Tools, Pedagogical Models, and Best Practices for Digital Storytelling

Tools, Pedagogical Models, and Best Practices for Digital Storytelling

Jari Multisilta (Tampere University of Technology, Finland) and Hannele Niemi (University of Helsinki, Finland)
Copyright: © 2018 |Pages: 10
DOI: 10.4018/978-1-5225-2255-3.ch230


Sharing photos and short videos with others has become increasingly popular among youth. Although sharing videos is a common activity among youth, schools are not using digital videos for learning. There is a need to study the pedagogical models that could be used in designing classroom activities involving the use of digital videos. In this chapter, digital video storytelling will be discussed in the context of learning. In this chapter, pedagogical models, examples, best practices, and outcomes that illustrate how students become engaged and motivated when using digital storytelling in knowledge creation in cross-cultural settings will be presented. The pedagogical models discussed in this chapter are Global Sharing Pedagogy (GSP) and Video Inquiry Learning (VIL). A review of existing tools and practices for digital video storytelling will be presented. The results show that students can become highly engaged in learning through digital storytelling.
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The use of videos on the Internet has been expanding rapidly in the last few years. Although the most popular web video content is related to music videos and entertainment, web videos can have several educational uses. Khan Academy ( is an example of a web video service that has a large collection of educational videos. According to Talbert (2012, para. 7), “Khan Academy is a collection of video lectures that give demonstrations of mechanical processes.” Considerable debate has taken place regarding the pedagogical model used at Khan Academy (Prensky, 2011; Talbert, 2012; Thompson, 2011). The main criticism is that Khan Academy is not supporting a constructivist learning model in which learners actively create knowledge using activities that support knowledge construction.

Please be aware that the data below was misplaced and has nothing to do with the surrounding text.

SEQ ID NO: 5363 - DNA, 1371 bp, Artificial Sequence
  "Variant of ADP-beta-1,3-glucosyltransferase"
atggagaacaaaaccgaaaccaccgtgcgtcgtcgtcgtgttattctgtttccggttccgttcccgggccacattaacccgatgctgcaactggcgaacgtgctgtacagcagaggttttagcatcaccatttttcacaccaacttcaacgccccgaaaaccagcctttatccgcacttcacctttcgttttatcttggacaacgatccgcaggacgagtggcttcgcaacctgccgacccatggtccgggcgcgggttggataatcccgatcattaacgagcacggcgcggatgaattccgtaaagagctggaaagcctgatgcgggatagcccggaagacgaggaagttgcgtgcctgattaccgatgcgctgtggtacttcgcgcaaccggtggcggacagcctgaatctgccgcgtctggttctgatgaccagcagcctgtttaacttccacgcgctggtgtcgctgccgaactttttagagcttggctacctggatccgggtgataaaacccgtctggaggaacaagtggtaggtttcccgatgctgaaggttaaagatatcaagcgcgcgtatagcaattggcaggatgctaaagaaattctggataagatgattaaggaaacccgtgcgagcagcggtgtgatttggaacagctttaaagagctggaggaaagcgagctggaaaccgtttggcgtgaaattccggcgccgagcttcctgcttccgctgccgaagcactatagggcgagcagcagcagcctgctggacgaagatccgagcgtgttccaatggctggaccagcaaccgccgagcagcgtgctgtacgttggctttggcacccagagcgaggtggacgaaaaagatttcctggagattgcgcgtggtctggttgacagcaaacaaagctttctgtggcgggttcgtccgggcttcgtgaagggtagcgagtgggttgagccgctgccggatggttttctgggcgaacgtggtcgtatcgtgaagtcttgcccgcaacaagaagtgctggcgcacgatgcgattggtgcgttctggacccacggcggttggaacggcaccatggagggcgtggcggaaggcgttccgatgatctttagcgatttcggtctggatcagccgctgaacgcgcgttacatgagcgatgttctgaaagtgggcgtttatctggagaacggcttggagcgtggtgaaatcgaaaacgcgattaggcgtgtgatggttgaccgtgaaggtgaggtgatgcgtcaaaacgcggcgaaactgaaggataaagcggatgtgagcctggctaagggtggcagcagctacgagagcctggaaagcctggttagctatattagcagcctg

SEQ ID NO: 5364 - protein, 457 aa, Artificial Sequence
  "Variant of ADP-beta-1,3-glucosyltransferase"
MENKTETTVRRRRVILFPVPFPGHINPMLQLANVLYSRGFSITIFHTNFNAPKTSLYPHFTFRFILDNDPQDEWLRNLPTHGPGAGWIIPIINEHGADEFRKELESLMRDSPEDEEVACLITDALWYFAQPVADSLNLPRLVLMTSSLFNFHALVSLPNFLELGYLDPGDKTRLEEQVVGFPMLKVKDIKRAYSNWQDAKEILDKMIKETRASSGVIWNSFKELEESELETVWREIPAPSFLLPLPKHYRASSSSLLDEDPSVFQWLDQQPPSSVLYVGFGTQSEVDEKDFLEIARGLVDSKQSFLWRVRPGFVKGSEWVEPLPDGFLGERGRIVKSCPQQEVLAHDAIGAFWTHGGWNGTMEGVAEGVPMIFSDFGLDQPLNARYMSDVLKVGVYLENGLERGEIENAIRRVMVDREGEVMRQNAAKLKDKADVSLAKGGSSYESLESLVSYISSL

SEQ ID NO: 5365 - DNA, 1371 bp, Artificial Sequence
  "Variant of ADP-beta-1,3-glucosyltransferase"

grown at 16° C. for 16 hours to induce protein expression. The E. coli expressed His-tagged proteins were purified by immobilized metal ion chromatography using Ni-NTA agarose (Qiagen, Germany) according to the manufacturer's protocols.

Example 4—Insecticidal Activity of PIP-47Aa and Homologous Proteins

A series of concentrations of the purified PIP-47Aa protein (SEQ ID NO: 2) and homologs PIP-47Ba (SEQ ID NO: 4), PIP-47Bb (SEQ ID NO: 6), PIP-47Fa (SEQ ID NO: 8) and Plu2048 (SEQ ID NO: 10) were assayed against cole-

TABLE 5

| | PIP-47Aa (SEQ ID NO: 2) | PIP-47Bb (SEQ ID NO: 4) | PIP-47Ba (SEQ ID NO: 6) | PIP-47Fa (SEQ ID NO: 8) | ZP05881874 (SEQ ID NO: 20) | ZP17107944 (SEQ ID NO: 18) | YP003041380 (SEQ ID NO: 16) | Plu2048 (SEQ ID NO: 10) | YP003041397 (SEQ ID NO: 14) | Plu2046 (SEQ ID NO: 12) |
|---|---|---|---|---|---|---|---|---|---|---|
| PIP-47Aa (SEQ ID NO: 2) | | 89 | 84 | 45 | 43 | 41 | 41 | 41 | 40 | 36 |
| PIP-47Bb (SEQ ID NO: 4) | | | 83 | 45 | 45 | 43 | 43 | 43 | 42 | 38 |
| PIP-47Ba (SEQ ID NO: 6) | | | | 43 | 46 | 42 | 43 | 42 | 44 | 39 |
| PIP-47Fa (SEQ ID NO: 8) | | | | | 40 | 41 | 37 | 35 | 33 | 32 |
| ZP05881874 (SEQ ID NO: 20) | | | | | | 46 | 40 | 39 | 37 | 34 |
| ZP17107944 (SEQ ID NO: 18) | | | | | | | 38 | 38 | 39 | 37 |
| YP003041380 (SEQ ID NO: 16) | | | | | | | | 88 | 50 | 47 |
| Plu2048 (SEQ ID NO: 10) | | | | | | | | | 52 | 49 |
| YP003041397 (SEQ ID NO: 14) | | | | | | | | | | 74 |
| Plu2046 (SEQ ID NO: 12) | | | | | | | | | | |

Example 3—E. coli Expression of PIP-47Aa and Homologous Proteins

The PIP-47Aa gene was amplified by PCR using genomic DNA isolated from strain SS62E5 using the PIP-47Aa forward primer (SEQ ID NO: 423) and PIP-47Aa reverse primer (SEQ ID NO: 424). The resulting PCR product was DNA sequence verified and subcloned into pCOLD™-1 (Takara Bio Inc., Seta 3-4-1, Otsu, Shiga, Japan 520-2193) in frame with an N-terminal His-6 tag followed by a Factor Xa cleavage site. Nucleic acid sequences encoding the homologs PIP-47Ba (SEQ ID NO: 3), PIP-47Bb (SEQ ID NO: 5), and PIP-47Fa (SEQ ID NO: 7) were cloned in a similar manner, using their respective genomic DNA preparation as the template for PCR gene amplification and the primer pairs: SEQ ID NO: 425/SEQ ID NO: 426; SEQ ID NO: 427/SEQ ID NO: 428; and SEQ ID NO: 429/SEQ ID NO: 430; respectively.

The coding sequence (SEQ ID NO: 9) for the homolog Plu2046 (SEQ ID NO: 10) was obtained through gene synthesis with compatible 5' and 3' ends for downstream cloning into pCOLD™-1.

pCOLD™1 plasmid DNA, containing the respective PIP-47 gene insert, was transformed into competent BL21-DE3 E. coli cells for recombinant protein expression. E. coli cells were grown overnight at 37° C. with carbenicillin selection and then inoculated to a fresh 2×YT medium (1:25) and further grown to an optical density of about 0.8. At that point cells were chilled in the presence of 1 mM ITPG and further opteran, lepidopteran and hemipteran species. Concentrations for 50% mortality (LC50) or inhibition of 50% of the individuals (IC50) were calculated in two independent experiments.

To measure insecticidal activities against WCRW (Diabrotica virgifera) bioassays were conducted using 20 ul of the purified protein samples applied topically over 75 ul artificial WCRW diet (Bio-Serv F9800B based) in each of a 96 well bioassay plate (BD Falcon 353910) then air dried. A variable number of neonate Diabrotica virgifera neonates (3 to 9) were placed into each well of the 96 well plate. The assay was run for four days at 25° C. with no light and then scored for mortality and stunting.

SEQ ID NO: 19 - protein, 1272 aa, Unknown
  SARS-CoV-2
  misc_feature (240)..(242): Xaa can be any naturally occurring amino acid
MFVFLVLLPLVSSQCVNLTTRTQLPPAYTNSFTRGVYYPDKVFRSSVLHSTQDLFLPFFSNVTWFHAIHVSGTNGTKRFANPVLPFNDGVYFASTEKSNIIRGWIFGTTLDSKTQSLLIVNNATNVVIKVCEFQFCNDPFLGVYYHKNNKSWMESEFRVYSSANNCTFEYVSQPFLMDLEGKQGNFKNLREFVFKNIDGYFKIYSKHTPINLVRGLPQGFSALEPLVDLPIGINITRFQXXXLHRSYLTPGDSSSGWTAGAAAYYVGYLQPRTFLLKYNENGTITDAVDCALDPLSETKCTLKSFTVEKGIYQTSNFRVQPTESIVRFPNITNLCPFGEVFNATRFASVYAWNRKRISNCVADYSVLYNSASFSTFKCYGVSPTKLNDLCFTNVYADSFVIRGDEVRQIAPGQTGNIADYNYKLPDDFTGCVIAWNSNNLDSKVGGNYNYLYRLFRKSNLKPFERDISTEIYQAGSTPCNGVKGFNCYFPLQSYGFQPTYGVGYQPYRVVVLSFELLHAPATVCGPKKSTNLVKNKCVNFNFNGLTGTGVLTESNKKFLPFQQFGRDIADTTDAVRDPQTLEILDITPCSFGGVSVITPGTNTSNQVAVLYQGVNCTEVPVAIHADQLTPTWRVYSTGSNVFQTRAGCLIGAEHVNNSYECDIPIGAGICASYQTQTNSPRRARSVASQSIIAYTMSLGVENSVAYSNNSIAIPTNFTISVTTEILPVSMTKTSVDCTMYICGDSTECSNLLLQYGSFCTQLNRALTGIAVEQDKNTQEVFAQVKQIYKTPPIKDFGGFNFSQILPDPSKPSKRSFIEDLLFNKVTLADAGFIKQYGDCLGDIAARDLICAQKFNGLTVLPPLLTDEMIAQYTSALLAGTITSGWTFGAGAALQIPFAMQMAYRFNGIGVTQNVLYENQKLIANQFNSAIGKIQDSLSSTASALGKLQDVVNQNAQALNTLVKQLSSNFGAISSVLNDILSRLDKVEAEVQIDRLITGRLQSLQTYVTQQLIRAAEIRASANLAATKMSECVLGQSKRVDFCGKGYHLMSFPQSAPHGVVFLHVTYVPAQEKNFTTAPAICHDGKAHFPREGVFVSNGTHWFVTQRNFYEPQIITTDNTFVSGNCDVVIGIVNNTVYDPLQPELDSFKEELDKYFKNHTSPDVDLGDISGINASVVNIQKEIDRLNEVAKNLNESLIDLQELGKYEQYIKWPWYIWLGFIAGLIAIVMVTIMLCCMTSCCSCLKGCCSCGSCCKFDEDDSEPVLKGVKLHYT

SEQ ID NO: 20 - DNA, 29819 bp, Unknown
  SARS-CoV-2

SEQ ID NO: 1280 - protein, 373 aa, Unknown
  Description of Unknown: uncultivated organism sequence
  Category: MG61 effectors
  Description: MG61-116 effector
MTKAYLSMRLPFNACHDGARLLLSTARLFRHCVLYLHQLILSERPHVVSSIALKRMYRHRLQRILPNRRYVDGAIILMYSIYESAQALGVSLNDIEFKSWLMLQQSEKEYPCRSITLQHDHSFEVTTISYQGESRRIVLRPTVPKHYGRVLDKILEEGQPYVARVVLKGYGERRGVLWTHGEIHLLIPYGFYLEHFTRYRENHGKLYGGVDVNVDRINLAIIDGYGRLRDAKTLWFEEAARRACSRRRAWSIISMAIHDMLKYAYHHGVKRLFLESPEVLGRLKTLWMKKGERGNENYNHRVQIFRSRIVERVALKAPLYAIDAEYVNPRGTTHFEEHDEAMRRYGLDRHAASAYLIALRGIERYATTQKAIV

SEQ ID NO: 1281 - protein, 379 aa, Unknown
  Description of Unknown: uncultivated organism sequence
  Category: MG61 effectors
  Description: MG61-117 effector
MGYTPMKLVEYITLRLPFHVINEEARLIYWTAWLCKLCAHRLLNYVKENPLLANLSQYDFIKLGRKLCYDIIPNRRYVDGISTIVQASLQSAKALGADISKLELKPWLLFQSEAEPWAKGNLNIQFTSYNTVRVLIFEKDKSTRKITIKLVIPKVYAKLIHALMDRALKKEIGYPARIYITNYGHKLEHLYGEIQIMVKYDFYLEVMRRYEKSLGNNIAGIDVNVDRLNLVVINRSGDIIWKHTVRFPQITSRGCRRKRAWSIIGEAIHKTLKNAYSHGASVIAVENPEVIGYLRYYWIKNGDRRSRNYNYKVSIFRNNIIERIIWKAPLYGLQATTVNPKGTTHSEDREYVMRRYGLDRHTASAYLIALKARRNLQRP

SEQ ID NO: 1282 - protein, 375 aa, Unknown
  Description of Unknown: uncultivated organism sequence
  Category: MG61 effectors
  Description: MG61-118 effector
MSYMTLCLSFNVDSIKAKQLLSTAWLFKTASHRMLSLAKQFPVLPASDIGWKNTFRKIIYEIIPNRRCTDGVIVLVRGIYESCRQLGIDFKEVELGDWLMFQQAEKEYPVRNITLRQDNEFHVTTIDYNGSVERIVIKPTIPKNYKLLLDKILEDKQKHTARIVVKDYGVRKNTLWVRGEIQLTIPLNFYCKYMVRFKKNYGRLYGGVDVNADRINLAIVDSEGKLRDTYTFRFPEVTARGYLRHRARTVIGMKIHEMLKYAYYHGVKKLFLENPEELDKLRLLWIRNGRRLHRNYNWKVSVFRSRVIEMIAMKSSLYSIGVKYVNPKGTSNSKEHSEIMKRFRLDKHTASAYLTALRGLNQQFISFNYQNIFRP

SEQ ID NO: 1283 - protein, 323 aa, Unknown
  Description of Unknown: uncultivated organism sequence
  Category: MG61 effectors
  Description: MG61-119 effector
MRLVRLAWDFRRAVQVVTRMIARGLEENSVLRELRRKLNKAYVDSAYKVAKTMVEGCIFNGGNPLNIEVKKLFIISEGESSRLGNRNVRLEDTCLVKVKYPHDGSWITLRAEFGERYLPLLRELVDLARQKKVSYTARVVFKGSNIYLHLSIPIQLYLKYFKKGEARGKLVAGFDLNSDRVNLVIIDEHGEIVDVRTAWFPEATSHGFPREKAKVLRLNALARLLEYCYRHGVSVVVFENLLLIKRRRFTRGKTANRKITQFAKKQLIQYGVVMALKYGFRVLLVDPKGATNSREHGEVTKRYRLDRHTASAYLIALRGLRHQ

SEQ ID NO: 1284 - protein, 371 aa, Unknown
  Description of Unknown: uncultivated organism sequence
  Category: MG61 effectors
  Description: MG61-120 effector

Key Terms in this Chapter

Constructivist Learning Model: Learners actively create knowledge using activities that support knowledge construction.

Twenty-First Century Skills: A set of knowledge and skills that are or will be important to succeed in the future world. Examples of twenty-first century skills include creativity, communication, collaboration, digital literacy, and problem-solving skills.

Video Inquiry Learning: Learning is based on the investigation of questions, scenarios, or problems using videos that students create and share using digital video storytelling tools. The videos prompt questions and serve as a basis for inquiries and collaborative learning.

Global Sharing Pedagogy: Learning is seen as a mediated activity with tools, signs, and social interaction. Global sharing pedagogy has four mediators of learning: 1) learner-driven knowledge and skills creation, 2) collaboration, 3) networking, and 4) digital media competencies and literacies. The mediators contribute to the learners’ engagement in a learning activity.

Digital Video Storytelling: Learning activities that involve the creation and the use of digital video.

Inquiry Learning: Learning activities where learners search and construct new knowledge by exploring the world or the phenomena, by asking questions, making hypothesis, and testing the hypothesis.

Life Publishing: The use of social media services in which the users are sharing events and moments from their daily lives.

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